I spend way too much time reading blogs.
One of the themes that keeps recurring as I spend way too much time reading blogs is some variation of the question, “What’s the most important thing?”
While discussions that follow in the posts and the comments are interesting – usually spawning a variety of answers and logic and texts to support them – I always come away with a nagging feeling of discontent. The issue of “the most important thing” is hardly ever resolved to anyone’s satisfaction.
It makes me wonder if there is no single “most important thing.”
What is most important for me may be of little importance to you. That may be true because of our heritage, our opinions, our outlook on life, our way of viewing scripture, our perception of God, our age, our maturity, our circumstances in life and blah-blah-blah-blah-blah. (That is an obscure term, probably Yiddish in origin, used by scholars to denote a precise and genuine meaning of which no one is exactly certain.)
Maybe what’s most important for Mike Cope is to reach the difficult-to-reach through a really challenging new ministry. Maybe what’s most important for Larry James is to help marginalized people help themselves. Maybe what’s most important for Charles Kiser is to teach a variety of people about God’s love from a tiny but growing church plant.
Maybe God has given us all different gifts – and different blends of gifts – through the same Spirit for the common good of the body. (1 Corinthians 12)
For the folks in Corinth, “Keeping God’s commands is what counts.” (1 Corinthians 7:19)
For the folks spread across Galatia, “… what counts is a new creation.” (Galatians 6:15)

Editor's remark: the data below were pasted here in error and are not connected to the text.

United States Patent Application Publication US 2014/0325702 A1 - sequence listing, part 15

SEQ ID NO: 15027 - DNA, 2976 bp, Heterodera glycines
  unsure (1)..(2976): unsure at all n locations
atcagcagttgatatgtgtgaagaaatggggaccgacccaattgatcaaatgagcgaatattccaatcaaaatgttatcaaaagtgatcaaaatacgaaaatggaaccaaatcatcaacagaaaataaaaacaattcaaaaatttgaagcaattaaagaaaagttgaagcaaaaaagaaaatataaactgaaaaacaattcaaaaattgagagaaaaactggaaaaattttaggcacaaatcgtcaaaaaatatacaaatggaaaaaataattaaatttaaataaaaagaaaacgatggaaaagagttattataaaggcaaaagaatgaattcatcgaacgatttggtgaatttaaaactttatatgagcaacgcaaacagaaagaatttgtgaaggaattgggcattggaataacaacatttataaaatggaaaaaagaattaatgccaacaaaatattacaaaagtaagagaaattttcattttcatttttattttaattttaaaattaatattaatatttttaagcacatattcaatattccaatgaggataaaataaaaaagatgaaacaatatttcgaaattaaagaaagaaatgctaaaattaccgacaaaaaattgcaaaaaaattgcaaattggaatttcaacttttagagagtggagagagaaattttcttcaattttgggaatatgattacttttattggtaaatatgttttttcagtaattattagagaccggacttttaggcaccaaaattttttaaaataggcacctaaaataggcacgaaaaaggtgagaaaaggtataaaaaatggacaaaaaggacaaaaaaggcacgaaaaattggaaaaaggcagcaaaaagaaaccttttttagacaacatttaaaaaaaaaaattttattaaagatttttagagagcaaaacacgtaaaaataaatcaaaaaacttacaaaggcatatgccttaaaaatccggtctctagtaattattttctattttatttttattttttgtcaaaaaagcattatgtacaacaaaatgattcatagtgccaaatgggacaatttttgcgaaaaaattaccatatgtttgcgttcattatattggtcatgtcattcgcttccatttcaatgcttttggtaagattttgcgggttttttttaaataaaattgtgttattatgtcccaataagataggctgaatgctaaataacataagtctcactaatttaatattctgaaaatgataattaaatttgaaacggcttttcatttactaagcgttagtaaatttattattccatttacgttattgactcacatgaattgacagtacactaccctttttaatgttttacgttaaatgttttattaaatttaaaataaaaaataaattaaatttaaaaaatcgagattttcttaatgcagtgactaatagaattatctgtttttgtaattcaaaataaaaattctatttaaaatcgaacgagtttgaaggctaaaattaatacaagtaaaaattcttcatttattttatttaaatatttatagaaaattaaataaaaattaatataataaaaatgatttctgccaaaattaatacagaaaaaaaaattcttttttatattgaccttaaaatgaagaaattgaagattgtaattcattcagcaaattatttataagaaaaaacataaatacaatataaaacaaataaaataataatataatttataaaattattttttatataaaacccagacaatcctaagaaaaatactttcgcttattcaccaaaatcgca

In both cases, circumcision or uncircumcision counts for nothing.
For the folks Paul wrote in Rome, Abraham was justified by faith not works – because they were struggling with the idea that they had to earn justification (Romans 4).
For the folks James wrote, Abraham was justified by faith through works – because they were struggling with indolence and a misconception that mental assent justified them (James 2).
In both cases, active acceptance of God’s work in one’s life is absolutely crucial.
So for some, the most important thing is to call on God once they’ve heard; for others, it’s to preach; for still others, it’s to send those who will preach (Romans 10:14-15). And perhaps, as time goes on, those priorities will change according to the blend of gifts God sends them.
For the rich young ruler, the most important thing was to sell all his stuff so he could follow Jesus. (Matthew 19:21)
For one disciple, it was to follow right then without burying his father first. (Matthew 8:21)
I think, down deep, each one of us has a solid, reliable intuition about what is most important in this life. So perhaps when we ask the question, it should be “What’s the most important thing for me right now within God’s will?”
Maybe I’m just rationalizing in frustration. I gotta tell you, though …
This possibility that “the most important thing may be different for people that God made different” is of some comfort to me.
Except for the overwhelming conviction that I spend way too much mind-preoccupying, opportunity-squandering, butt-numbing time reading and writing blogs about the most important thing.
… when I should be out, going and preaching and baptizing and making disciples and teaching and doing good like Jesus did.
Maybe that’s the most ….